As the founding attorney of a nationally-known commercial UAS/ “drone” law practice, I have also gotten to know many people across the country – and represented more than 100 drone companies and individuals in FAA matters – many of whom first benefitted from Section 336 hobby flights of traditional radio-controlled aircraft and drones and later became engineers, A&P mechanics, professional manned aircraft pilots and commercial drone pilots. This includes people from some of the largest companies in America, as well as smaller companies in the cinematography, real estate, and newsgathering industries.
Put another way, Section 336 is the “feeder school” for a host of academic and commercial careers in science, technology, and aviation. And it is under attack by big Silicon Valley money including Google (Alphabet company’s subsidiaries Project Wing and X) though the Commercial Drone Alliance who seeks to repeal Section 336 for their air-robot dreams.
From what I have read, and in my opinion, the efforts by the Commercial Drone Alliance and others who seek to repeal Section 336 are engaging in classic “rent-seeking” behavior; that is, they seek to obtain special access to our public skies in ways that are only possible by reducing the rights of hundreds of thousands of us who currently benefit from Section 336. By lobbying to repeal Section 336, they appear to be seeking to impose regulatory burdens such as pilots licenses and technology requirements on the hundreds of thousands of Americans who currently fly under Section 336 in order to fulfill their dreams of autonomous flying unmanned, long endurance flights, in our nation’s airspace.
You may have learned of the very tragic Uber accident which recently killed a pedestrian walking her bicycle. This Uber vehicle supposedly had superior autonomous technology that was supposed to be better than the average driver at avoiding other vehicles and people! Obviously, this was not the case and the public has been put at risk. Similarly, Google and others who currently seek to repeal Section 336 wish to take away the current status quo of hundreds of thousands of Section 336 hobbyists, for their plans which are uncertain and not yet proven to be safe. We should not take away the current rights and privileges embodied in Section 336 for those companies including Google who have not proven their own plans are safe, and a net benefit to the public.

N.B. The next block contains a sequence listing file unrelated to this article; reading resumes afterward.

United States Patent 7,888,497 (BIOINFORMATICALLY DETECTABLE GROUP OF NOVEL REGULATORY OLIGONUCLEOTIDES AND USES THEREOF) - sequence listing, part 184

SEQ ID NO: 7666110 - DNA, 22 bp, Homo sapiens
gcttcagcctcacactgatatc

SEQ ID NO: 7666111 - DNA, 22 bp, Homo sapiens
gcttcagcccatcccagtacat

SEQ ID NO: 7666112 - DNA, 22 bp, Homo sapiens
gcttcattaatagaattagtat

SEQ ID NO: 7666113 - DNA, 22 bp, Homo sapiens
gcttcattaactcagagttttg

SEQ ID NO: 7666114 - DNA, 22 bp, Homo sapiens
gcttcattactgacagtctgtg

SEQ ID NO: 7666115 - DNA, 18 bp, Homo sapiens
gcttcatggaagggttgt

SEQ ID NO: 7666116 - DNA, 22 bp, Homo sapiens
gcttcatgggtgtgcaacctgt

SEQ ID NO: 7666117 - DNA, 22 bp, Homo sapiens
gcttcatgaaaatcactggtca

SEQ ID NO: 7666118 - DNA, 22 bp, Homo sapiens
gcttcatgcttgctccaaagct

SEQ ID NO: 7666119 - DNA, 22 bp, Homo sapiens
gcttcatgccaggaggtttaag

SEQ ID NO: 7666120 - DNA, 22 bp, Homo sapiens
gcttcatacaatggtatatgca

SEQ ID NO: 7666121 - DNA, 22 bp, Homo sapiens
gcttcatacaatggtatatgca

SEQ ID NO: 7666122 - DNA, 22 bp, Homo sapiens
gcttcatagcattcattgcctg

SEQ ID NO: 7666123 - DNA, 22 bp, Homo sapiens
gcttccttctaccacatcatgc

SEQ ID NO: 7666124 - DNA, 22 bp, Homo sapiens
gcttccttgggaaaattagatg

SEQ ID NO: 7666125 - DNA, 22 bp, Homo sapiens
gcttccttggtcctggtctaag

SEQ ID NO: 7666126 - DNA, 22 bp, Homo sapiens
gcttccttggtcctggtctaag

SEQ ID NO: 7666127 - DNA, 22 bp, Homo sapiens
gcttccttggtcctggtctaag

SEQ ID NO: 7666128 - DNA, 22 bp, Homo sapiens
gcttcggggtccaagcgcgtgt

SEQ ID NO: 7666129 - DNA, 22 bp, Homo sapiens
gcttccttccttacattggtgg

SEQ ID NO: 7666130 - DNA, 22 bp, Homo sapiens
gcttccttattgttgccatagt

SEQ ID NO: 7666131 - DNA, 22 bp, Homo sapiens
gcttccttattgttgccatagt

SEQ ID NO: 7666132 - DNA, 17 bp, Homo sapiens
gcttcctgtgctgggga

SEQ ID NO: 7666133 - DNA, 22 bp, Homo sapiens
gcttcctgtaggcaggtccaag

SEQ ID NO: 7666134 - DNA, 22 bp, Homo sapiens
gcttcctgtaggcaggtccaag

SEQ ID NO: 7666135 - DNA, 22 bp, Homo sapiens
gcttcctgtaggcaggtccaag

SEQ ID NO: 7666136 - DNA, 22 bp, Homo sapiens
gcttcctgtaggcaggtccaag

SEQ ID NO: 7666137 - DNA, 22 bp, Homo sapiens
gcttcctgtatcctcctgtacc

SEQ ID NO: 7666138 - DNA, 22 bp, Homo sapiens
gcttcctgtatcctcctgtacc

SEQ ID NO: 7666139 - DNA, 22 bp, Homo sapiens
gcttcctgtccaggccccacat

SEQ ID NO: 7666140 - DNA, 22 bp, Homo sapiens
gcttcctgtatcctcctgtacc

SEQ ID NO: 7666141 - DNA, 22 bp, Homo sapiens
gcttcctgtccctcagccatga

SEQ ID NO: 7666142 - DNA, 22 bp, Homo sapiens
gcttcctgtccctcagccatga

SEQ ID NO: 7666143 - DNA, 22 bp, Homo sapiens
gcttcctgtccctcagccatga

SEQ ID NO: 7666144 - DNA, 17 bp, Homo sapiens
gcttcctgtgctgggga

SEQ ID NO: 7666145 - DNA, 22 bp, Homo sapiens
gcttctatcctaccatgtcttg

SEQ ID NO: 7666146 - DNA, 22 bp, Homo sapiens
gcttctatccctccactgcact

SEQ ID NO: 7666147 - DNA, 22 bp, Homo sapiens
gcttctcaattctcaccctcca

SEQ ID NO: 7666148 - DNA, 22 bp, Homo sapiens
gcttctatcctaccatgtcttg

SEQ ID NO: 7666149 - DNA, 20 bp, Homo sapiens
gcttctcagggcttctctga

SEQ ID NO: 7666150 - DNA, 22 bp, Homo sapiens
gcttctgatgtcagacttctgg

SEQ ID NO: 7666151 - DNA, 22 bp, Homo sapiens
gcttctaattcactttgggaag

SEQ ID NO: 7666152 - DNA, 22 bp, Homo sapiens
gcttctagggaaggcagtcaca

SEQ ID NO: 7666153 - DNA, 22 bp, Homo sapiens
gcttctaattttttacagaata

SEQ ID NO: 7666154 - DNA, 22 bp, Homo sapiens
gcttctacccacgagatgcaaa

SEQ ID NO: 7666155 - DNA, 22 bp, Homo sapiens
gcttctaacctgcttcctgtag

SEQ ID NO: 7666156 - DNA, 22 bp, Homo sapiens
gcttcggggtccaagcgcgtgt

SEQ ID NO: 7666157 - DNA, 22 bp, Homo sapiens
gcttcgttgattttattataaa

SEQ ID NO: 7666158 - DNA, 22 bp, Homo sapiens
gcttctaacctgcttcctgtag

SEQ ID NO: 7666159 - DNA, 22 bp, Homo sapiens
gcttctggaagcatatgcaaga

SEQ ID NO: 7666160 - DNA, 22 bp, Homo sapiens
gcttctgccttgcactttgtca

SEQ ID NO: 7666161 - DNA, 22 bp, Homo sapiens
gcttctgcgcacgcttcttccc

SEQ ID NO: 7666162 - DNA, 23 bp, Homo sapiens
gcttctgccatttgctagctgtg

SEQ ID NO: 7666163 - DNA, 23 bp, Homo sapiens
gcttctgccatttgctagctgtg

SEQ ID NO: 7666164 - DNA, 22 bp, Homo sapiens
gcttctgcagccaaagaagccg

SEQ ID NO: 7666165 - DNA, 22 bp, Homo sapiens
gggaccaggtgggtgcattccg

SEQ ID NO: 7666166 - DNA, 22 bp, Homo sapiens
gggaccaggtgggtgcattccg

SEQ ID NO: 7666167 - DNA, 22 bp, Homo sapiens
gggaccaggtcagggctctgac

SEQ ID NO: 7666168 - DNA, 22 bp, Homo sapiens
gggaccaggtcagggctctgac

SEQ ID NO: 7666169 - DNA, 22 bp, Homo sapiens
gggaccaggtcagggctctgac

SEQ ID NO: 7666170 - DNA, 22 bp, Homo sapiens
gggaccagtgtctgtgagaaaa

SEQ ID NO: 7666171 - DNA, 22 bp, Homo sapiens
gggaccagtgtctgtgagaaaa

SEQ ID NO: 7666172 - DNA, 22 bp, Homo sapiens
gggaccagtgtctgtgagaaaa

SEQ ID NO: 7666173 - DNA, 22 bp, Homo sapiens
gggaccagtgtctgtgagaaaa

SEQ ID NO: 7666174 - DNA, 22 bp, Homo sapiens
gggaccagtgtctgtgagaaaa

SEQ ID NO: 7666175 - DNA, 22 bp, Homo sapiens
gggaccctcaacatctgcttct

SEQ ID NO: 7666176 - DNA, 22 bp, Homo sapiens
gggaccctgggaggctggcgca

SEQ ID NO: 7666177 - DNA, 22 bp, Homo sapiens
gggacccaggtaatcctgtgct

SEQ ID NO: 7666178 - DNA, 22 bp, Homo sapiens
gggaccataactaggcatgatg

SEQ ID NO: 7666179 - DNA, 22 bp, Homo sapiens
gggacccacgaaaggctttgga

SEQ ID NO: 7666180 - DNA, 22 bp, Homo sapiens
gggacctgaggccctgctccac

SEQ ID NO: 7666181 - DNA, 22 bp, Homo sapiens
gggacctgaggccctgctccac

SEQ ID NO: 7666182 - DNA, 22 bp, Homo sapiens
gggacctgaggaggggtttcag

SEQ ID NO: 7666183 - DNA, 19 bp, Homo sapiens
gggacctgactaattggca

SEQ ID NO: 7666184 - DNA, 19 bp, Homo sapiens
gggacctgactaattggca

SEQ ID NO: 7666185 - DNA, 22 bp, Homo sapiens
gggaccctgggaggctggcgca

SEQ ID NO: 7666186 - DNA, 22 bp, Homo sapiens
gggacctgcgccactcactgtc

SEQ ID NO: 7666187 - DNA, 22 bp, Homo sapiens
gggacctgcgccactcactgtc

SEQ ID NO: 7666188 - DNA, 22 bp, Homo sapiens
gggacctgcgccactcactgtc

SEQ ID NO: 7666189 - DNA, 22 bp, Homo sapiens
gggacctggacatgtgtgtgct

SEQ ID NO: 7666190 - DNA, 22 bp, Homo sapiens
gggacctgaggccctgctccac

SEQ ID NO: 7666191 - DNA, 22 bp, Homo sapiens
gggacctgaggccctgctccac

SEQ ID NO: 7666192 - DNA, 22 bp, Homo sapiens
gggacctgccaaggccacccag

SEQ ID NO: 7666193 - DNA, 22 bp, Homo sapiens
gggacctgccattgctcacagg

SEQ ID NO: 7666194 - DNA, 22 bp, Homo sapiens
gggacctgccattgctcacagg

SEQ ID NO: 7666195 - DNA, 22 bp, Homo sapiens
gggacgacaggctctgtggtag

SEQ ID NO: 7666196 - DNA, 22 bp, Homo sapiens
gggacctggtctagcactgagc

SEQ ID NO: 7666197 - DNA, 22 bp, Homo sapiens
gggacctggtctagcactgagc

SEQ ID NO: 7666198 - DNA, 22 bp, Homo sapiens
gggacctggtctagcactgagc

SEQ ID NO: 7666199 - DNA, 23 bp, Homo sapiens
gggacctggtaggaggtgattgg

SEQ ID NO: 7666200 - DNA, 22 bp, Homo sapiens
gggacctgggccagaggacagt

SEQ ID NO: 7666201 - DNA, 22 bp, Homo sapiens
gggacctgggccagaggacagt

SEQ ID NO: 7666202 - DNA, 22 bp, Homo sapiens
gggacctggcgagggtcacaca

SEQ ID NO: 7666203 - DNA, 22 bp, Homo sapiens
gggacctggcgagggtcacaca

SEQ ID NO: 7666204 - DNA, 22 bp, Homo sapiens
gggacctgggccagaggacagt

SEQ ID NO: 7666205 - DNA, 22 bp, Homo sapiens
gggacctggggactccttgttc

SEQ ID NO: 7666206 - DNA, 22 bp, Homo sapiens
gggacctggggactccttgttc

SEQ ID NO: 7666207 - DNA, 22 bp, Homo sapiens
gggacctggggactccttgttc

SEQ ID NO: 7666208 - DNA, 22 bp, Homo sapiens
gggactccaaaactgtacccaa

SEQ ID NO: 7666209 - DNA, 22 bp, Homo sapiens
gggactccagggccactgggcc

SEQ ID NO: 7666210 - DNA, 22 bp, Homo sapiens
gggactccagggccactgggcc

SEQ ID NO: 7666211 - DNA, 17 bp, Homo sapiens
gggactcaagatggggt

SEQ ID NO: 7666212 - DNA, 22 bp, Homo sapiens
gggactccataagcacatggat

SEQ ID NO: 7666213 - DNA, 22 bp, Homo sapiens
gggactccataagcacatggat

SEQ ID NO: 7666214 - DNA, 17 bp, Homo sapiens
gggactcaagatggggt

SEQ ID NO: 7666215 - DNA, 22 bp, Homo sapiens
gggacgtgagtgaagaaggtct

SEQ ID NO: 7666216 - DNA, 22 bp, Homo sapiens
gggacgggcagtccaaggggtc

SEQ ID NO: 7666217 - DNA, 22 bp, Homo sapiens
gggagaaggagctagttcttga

In my opinion and that of others, autonomous (unmanned) flying, especially for flights going far beyond what the human eye can see, should be done with aircraft and aircraft systems that can truly integrate with our existing airspace systems and users. What do I mean by truly integrating into the existing airspace systems and users? For example, when jet engine powered aircraft entered into use, general aviation aircraft and pilots were not required to have new licenses or to put on new technology such as radar on their aircraft. It was jet aircraft that was required to integrate, by having special pilots licenses for jet engine powered aircraft. Not the other way around. If Google and others who currently wish to repeal Section 336 for their dream of autonomous flights without humans aboard, they should be required to have special certificated aircraft and systems that they must pay for. Taxpayers and the current beneficiaries of Section 336 should not be burdened, just as the general aviation industry was not burdened when jet aircraft came into being.